New York: The General Assembly on Thursday appointed by acclamation the former Prime Minister of Portugal, António Guterres, as the next United Nations Secretary-General. He will succeed Ban Ki-moon who steps down on December 31.
Guterres, aged 67, was Prime Minister of Portugal from 1995 to 2002, and the UN High Commissioner for Refugees from June 2005 to December 2015. He will become the world’s top diplomat on 1 January 2017, and hold that post for the next five years.
Adopting a consensus resolution put forward by its President, Peter Thomson, the Assembly acted on the recommendation on the UN Security Council, which on 6 October forwarded Guterres’ name to the 193-member body as its nominee for UN Secretary-General for a five-year period, ending 31 December 2021.
Ten years to the day after his own appointment as Secretary-General, Ban said: “Secretary-General-elect Guterres is well known to all of us in the hall. But he is perhaps best known where it counts most: on the frontlines of armed conflict and humanitarian suffering,” referring to his time as head of the UN refugee agency.
Noting that he has long valued his advice, and long admired his spirit of service, Ban declared: “He is a wonderful choice to steer this Organization as we build on the progress of the past decade, while addressing the insecurity and uncertainties of on Thursday’s world.”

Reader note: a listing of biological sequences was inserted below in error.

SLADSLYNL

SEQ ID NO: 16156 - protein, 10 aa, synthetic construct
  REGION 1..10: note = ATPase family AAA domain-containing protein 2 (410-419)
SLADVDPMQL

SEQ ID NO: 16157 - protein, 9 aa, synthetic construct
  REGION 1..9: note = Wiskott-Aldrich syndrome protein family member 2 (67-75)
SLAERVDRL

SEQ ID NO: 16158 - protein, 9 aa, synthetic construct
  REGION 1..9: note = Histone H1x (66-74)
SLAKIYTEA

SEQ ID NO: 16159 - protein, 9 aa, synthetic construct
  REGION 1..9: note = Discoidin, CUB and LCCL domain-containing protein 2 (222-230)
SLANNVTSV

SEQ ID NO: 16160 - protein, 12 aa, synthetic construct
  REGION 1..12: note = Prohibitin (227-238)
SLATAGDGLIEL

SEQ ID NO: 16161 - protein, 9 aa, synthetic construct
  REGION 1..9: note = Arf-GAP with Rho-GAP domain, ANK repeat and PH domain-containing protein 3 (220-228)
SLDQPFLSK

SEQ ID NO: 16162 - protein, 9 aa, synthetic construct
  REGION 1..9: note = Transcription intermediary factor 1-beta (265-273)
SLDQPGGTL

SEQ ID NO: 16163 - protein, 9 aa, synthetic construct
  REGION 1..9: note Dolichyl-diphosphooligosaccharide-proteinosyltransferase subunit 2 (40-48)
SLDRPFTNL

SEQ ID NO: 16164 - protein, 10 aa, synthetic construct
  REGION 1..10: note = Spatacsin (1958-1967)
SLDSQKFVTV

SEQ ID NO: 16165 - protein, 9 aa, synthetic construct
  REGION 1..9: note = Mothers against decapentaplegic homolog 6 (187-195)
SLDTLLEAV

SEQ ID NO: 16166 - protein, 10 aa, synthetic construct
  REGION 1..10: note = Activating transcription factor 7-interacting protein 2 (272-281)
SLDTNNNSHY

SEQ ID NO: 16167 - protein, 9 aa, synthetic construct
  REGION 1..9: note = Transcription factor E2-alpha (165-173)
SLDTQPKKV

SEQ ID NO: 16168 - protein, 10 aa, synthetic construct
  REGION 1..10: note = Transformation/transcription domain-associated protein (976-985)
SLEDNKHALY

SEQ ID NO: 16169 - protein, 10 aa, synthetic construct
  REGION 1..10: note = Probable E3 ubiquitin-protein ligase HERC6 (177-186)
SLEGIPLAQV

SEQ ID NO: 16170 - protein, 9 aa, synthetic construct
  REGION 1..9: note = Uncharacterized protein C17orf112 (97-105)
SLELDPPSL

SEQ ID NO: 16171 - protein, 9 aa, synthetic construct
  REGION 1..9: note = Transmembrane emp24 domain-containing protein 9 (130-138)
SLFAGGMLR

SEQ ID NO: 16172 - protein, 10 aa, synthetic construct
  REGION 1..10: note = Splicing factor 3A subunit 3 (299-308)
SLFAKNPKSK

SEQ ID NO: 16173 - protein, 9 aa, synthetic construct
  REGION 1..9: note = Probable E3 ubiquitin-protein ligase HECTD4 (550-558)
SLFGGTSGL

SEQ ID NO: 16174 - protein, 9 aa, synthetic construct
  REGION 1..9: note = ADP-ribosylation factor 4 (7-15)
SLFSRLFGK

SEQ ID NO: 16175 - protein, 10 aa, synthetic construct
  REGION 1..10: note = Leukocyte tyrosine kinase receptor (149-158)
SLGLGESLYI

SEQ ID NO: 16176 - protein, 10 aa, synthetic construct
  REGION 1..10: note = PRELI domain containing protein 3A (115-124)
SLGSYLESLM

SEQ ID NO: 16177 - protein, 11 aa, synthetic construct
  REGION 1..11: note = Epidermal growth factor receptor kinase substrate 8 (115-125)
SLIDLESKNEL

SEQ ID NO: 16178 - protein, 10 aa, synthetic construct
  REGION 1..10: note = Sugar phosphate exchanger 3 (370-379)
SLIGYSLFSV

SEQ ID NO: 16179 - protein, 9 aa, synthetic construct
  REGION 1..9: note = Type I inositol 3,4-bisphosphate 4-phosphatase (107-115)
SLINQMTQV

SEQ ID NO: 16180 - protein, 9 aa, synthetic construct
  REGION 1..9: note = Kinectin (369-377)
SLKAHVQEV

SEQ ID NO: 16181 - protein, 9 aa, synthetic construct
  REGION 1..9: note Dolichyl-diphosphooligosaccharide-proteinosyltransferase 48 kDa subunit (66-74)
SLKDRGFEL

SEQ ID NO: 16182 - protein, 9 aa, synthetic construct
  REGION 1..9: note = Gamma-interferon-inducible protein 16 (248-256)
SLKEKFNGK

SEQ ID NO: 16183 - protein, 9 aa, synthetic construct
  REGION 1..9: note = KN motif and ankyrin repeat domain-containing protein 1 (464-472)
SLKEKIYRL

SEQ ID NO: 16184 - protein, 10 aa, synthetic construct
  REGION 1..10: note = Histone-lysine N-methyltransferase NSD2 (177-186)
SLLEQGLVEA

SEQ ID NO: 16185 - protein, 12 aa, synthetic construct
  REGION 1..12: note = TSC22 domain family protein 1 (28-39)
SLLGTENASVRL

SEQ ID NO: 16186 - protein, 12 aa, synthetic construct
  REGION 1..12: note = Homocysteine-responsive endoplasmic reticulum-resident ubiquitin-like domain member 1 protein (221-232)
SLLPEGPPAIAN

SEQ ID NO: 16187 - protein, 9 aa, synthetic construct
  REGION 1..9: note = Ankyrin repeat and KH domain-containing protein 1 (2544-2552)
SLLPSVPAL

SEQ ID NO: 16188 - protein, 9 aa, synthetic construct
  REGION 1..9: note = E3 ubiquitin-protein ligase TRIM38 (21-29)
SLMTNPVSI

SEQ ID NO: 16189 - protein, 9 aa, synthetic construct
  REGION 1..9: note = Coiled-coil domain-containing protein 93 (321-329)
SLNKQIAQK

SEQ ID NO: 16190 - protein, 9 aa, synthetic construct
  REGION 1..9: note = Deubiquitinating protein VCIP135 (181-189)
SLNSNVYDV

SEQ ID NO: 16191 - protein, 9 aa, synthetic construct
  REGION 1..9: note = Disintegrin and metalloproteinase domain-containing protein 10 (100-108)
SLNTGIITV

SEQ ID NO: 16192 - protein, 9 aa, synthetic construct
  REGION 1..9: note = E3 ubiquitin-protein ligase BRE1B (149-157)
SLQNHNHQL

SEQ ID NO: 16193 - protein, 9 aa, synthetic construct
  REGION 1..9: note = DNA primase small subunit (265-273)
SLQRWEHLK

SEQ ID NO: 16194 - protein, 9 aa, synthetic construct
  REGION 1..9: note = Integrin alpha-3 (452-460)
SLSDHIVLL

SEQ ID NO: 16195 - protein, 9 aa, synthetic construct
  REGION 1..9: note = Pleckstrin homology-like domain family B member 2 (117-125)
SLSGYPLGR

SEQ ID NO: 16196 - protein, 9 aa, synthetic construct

The Assembly’s resolution also welcomed the historic process Member States set in motion late last year: the selection of a new United Nations Secretary-General, traditionally decided behind closed-doors by a few powerful countries, has for the first time in history, involved public discussions with each candidate campaigning for the world’s top diplomatic post.
These so-called ‘informal briefings’ between the candidates, UN Member States and civil society representatives kicked off on 12 April, when the first three candidates presented their ‘vision statements’ and answered questions on how they would promote sustainable development, improve efforts to create peace, protect human rights, and deal with huge humanitarian catastrophes should they be selected to lead the Organization.
In addition, this past July, the UN held its first-ever globally televised and webcast townhall-style debate in the General Assembly Hall, where the confirmed candidates at the time took questions from diplomats and the public at large.
Image Courtesy: UN Photo/Amanda Voisard
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